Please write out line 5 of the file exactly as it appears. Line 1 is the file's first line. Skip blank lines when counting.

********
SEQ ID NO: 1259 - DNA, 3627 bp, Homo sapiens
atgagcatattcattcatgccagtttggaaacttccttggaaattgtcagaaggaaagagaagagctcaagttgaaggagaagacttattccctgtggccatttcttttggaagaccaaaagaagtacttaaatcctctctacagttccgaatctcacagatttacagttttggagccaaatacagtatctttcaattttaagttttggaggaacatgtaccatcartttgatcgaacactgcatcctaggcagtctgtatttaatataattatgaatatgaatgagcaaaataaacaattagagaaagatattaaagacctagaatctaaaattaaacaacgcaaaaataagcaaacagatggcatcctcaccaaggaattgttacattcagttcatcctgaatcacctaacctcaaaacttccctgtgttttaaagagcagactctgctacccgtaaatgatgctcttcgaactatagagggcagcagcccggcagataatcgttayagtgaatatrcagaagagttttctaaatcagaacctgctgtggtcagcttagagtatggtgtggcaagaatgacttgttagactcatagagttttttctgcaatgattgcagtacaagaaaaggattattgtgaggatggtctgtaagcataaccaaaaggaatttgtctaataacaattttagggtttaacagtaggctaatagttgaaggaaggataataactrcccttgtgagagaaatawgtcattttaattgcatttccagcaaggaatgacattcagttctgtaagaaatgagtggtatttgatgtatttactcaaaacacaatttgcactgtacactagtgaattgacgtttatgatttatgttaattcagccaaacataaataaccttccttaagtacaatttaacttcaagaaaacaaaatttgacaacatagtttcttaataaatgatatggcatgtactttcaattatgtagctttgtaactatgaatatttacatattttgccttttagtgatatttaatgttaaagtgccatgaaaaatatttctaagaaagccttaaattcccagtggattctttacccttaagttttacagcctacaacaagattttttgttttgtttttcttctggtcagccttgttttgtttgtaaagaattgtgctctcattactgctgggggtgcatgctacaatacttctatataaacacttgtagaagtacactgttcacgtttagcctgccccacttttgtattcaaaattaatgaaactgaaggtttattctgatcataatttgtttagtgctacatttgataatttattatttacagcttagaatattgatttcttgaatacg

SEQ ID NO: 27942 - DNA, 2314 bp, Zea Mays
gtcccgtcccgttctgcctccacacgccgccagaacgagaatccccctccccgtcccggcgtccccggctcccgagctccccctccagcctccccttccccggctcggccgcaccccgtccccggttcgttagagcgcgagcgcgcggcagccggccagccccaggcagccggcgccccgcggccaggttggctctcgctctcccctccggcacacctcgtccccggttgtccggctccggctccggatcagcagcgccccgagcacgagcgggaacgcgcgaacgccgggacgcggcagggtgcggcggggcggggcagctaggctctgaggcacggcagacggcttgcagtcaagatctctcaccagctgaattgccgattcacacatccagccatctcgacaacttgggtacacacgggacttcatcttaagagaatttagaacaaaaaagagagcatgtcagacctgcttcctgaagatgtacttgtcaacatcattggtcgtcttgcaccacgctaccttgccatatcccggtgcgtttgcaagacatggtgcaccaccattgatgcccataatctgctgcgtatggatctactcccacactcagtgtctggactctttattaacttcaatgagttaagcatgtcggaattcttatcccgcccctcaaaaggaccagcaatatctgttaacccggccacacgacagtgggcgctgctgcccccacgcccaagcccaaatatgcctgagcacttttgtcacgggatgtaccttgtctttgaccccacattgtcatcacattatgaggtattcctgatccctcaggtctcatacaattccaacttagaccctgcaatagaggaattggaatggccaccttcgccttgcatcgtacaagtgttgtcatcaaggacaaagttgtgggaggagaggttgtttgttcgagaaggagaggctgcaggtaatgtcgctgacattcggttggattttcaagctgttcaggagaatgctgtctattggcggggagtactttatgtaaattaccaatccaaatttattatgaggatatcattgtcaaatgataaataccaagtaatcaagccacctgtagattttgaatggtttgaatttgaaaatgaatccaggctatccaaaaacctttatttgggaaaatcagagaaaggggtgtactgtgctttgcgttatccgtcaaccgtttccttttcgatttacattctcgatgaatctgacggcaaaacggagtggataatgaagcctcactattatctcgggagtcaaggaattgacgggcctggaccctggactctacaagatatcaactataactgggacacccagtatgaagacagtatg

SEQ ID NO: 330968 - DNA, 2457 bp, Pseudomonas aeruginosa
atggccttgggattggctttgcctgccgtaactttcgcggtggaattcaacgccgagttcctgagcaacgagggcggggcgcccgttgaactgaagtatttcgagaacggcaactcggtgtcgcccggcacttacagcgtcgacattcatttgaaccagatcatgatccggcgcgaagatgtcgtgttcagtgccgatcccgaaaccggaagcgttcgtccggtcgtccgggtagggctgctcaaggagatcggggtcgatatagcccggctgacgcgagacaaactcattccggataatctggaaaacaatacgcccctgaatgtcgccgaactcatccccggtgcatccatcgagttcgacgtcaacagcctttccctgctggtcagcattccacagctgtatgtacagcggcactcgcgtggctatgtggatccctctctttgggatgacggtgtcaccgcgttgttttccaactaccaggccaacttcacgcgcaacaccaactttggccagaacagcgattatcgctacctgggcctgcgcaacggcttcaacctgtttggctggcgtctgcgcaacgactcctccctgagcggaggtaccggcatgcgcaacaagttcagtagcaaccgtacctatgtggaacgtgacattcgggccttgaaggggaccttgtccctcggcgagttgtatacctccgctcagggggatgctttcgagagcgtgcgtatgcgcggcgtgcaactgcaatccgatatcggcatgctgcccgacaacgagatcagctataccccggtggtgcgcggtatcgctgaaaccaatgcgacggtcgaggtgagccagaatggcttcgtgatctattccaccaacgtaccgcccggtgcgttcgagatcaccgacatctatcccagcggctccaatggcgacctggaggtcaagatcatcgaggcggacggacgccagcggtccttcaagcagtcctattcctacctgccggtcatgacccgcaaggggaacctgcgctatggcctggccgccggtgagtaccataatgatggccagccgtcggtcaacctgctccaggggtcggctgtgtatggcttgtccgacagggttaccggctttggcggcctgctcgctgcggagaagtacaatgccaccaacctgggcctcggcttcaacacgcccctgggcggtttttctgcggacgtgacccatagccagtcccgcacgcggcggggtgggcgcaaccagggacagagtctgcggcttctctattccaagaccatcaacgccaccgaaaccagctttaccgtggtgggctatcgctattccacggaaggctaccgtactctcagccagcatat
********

SEQ ID NO: 330968 - DNA, 2457 bp, Pseudomonas aeruginosa